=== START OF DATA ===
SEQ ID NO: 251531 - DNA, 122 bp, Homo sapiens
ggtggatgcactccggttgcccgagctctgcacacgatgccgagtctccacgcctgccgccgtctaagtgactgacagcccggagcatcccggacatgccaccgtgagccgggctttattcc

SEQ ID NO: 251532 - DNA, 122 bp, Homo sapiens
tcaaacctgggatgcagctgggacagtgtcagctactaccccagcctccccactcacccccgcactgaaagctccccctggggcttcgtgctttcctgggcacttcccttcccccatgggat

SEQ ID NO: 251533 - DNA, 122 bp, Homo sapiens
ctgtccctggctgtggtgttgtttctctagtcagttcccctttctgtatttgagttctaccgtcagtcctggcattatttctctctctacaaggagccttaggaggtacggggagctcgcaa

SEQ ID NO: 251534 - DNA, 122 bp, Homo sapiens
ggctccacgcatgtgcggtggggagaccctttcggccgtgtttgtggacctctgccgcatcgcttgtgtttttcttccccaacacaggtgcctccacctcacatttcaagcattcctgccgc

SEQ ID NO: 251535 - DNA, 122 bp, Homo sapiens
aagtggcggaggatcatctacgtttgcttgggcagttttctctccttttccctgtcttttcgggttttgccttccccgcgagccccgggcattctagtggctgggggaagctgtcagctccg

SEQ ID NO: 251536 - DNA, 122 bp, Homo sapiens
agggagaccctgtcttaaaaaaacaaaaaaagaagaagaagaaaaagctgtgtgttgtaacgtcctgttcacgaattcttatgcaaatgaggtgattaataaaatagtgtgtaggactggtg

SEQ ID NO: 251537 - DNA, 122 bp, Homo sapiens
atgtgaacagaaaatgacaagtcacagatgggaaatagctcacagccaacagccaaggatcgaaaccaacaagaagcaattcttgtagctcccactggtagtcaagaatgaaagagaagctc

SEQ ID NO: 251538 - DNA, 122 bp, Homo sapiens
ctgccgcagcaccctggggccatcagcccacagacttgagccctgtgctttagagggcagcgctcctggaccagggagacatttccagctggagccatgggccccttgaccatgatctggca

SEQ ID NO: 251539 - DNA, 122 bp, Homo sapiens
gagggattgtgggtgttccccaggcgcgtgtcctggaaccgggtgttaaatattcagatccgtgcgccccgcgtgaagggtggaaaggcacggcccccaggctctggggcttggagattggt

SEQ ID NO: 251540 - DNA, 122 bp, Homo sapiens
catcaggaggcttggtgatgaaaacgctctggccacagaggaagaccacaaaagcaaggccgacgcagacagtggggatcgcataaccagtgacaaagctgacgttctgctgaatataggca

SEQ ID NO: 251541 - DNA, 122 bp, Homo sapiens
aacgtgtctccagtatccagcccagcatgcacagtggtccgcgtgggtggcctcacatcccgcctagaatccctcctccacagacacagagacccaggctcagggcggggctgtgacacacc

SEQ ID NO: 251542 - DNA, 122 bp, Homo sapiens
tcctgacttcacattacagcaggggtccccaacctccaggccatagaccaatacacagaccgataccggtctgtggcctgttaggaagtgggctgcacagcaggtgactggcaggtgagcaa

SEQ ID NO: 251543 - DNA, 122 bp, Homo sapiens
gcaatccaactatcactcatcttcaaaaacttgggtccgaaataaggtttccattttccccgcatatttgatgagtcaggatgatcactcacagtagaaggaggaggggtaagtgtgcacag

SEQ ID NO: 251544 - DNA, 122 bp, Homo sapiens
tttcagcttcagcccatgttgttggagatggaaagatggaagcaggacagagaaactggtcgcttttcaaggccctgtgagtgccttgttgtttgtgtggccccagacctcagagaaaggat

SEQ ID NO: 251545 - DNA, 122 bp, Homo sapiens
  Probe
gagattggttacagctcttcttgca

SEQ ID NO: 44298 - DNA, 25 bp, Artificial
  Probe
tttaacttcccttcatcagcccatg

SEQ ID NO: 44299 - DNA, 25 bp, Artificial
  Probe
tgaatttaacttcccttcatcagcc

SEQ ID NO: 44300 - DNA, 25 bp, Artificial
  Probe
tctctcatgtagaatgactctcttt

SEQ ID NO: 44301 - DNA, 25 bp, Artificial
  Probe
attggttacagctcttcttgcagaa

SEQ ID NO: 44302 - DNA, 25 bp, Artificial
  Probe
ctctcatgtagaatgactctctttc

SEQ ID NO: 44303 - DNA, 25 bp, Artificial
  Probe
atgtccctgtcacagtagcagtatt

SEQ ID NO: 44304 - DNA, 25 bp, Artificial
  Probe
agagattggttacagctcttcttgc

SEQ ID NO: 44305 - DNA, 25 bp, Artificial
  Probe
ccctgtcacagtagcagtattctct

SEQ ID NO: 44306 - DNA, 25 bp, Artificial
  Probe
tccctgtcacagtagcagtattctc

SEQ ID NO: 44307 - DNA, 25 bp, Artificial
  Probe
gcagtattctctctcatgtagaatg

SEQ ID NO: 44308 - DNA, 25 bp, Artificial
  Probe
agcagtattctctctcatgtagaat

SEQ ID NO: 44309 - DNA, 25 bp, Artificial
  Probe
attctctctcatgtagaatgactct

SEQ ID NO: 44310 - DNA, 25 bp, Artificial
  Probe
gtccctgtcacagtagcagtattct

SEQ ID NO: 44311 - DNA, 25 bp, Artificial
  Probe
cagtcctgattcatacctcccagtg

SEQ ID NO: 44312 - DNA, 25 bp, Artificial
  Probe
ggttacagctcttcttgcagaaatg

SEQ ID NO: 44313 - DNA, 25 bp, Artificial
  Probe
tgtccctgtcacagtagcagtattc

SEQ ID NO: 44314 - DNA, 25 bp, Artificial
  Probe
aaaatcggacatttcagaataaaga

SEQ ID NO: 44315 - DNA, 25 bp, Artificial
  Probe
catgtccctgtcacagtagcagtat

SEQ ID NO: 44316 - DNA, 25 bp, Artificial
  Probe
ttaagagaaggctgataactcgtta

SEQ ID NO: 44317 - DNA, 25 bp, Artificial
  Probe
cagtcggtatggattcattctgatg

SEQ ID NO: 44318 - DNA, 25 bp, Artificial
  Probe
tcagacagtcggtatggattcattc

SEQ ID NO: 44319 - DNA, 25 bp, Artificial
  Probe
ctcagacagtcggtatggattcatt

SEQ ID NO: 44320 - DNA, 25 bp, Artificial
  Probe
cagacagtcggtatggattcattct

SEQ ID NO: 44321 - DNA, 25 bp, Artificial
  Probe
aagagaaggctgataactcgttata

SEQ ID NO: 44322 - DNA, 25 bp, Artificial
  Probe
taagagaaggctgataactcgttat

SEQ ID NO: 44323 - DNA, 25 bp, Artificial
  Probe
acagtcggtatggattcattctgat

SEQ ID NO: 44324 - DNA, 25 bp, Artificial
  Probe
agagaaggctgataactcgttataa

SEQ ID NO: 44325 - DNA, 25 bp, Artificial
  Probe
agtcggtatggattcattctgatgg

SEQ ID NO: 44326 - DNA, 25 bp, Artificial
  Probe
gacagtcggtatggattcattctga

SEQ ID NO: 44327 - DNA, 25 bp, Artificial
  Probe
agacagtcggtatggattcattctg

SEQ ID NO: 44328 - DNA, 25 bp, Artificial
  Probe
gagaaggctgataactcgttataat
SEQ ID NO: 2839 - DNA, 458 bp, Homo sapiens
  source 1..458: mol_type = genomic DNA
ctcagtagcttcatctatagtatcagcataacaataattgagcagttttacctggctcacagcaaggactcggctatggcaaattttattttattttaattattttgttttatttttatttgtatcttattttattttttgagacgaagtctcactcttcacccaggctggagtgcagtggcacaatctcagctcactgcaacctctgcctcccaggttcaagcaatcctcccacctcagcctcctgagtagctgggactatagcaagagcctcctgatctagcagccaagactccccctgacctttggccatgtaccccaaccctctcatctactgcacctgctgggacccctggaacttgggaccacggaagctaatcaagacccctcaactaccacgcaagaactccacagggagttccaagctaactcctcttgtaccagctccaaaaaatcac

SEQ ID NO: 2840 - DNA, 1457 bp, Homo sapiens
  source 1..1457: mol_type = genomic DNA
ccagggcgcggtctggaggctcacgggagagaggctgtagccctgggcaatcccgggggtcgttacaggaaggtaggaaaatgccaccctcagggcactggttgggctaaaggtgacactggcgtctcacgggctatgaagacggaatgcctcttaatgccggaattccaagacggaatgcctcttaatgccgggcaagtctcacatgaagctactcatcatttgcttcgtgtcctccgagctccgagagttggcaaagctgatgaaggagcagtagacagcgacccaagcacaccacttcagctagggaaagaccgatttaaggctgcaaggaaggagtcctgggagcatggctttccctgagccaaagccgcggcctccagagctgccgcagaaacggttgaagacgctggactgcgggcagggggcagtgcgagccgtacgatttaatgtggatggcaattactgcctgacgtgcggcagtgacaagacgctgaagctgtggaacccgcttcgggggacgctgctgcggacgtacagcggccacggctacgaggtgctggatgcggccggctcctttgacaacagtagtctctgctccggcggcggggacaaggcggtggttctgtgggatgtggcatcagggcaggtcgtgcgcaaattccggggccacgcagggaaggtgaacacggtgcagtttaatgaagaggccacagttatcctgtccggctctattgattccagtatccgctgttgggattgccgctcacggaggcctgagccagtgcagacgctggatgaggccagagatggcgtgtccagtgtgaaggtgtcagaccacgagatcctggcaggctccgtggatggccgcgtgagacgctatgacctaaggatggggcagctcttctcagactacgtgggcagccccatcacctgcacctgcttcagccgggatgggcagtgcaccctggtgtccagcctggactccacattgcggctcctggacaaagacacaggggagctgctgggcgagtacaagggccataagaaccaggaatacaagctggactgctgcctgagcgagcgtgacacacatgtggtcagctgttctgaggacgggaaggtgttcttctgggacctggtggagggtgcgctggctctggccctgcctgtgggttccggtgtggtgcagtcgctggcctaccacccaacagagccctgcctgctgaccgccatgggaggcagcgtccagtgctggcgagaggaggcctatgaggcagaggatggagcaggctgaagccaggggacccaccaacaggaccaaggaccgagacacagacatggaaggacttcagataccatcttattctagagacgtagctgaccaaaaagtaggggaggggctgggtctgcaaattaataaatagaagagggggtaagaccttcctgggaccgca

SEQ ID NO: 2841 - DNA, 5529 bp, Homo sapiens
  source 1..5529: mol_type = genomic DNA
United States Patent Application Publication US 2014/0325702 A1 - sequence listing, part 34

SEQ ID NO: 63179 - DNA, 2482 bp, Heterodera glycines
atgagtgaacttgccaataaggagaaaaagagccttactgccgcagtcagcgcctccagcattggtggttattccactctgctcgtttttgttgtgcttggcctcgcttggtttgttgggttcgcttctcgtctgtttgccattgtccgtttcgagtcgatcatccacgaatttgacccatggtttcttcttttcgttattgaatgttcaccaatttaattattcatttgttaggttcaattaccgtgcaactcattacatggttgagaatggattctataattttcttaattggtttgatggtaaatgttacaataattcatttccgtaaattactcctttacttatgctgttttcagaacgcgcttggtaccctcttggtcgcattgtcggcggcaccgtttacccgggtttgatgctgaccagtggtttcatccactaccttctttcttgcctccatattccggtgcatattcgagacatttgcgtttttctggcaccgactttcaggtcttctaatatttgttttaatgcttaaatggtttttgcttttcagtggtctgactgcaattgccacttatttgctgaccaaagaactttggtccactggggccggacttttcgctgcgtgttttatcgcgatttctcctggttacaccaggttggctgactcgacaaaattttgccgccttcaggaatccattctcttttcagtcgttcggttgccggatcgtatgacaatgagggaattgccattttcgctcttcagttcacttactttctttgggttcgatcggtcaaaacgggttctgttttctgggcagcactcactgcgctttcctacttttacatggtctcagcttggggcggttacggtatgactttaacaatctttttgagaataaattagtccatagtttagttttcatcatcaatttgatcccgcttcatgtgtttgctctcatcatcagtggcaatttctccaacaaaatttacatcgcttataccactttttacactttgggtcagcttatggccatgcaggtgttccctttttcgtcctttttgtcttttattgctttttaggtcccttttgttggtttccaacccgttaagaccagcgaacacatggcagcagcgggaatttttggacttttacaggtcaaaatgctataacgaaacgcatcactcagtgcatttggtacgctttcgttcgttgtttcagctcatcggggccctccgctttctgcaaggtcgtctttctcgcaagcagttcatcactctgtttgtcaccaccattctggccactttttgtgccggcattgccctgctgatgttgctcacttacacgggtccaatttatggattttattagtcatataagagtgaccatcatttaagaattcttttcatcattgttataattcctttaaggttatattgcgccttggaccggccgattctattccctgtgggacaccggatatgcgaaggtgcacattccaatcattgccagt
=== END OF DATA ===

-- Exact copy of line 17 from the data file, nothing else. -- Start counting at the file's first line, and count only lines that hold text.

SEQ ID NO: 251539 - DNA, 122 bp, Homo sapiens